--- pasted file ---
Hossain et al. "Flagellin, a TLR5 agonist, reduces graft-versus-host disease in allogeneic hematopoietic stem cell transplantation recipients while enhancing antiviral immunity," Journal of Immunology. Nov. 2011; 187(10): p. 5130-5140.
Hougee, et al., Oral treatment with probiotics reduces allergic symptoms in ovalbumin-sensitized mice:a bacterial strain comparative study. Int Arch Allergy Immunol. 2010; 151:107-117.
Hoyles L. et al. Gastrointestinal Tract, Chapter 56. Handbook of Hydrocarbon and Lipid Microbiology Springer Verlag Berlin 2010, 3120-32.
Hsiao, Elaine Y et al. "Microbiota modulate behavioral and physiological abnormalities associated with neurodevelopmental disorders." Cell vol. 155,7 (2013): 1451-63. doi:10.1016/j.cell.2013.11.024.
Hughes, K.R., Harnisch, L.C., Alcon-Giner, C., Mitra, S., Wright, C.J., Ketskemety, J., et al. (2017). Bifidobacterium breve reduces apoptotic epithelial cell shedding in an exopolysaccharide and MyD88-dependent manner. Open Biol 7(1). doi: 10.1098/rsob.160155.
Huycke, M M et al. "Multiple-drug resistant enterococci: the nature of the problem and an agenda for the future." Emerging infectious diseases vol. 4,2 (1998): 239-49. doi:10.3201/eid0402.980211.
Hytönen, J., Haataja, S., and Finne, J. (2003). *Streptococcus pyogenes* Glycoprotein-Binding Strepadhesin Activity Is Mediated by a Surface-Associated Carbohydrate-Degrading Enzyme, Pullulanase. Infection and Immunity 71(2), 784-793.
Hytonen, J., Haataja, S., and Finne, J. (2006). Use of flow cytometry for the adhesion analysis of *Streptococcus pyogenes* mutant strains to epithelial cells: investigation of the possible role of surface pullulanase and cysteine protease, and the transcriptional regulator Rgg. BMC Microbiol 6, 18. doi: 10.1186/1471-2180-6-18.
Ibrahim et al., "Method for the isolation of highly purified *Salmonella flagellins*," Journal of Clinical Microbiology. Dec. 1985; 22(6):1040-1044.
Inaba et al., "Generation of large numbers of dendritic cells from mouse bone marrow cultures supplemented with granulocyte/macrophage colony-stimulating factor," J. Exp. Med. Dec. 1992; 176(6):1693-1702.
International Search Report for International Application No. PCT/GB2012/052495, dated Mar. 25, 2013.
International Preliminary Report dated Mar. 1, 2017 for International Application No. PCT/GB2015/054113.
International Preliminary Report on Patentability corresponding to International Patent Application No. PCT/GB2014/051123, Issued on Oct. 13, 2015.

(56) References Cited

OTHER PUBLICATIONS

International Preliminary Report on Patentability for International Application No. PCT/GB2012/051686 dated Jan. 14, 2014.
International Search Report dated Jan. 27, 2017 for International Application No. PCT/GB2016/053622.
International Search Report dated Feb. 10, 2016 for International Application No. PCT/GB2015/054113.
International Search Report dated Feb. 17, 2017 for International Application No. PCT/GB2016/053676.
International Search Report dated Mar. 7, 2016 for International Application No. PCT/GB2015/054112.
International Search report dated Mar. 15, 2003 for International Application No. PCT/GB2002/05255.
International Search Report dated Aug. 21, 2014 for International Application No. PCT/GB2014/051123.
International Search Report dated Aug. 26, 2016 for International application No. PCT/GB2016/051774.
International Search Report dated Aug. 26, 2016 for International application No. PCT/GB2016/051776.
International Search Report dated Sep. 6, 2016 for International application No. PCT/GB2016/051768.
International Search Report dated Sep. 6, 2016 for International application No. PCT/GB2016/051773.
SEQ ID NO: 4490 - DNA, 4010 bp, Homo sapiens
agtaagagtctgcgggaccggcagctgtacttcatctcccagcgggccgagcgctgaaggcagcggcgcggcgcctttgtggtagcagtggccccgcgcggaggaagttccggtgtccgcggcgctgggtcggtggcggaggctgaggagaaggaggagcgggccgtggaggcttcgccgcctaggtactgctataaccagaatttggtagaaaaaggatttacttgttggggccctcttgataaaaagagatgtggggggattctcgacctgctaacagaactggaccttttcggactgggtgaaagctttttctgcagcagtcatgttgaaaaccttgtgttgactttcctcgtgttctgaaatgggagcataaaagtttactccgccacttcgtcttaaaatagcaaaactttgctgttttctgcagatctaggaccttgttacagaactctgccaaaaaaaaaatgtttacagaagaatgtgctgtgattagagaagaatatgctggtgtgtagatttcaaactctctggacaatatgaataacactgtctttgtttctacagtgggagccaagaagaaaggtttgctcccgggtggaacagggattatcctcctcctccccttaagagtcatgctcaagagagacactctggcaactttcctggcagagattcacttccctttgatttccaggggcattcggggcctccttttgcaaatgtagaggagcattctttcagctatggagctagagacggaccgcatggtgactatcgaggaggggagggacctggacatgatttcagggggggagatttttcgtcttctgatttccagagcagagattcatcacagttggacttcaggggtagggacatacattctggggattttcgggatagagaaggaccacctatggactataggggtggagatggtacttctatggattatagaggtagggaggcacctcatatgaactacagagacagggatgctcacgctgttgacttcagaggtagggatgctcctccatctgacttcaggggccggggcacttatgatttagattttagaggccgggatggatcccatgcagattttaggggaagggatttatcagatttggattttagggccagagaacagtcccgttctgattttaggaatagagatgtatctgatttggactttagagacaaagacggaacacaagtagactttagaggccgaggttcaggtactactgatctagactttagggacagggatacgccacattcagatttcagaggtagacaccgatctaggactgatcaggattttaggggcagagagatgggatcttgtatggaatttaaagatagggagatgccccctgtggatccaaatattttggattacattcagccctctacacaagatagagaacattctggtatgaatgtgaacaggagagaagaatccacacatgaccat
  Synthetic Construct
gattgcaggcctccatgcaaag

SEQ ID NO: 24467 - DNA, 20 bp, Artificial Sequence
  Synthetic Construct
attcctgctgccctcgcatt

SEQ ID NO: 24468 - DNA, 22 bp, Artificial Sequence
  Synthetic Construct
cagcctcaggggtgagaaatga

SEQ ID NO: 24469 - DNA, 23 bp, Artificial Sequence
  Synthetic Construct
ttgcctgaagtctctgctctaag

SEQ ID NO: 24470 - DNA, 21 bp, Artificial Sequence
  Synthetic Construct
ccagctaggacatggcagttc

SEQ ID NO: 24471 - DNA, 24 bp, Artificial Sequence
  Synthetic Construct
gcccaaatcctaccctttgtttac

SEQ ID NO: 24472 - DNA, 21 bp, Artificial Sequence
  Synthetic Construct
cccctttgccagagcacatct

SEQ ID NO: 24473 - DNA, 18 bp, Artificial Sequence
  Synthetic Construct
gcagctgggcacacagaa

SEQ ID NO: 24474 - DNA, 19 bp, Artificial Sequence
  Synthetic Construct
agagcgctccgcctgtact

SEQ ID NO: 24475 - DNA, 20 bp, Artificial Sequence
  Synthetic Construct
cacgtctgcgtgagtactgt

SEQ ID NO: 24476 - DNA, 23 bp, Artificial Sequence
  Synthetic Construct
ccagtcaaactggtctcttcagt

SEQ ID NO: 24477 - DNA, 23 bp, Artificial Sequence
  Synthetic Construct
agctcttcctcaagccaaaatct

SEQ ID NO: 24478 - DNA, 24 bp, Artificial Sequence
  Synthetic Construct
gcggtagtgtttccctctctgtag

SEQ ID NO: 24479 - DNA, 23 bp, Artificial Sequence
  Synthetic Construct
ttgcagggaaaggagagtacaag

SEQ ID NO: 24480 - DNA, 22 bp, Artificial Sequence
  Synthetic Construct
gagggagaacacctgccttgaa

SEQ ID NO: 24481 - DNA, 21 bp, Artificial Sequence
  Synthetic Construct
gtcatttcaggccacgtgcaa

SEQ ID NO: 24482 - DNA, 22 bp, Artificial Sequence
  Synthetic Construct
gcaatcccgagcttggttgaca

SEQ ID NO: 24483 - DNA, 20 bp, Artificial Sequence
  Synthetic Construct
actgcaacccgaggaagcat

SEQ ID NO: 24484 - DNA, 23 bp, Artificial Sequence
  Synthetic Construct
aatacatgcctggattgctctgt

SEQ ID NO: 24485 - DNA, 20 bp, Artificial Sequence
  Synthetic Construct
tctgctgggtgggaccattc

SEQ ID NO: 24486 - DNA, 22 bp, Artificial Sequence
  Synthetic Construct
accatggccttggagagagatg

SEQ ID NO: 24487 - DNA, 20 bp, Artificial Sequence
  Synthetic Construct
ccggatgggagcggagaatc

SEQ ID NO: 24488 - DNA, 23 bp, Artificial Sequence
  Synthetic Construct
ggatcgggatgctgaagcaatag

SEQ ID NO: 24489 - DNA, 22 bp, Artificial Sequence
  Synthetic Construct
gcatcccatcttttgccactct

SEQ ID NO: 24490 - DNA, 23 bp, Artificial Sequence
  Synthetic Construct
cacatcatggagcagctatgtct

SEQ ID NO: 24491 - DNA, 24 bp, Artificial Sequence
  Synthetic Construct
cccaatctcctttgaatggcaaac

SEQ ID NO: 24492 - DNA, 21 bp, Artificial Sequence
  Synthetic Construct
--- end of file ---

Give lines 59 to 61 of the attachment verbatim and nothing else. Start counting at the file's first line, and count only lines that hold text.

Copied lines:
  Synthetic Construct
ccagtcaaactggtctcttcagt

SEQ ID NO: 24477 - DNA, 23 bp, Artificial Sequence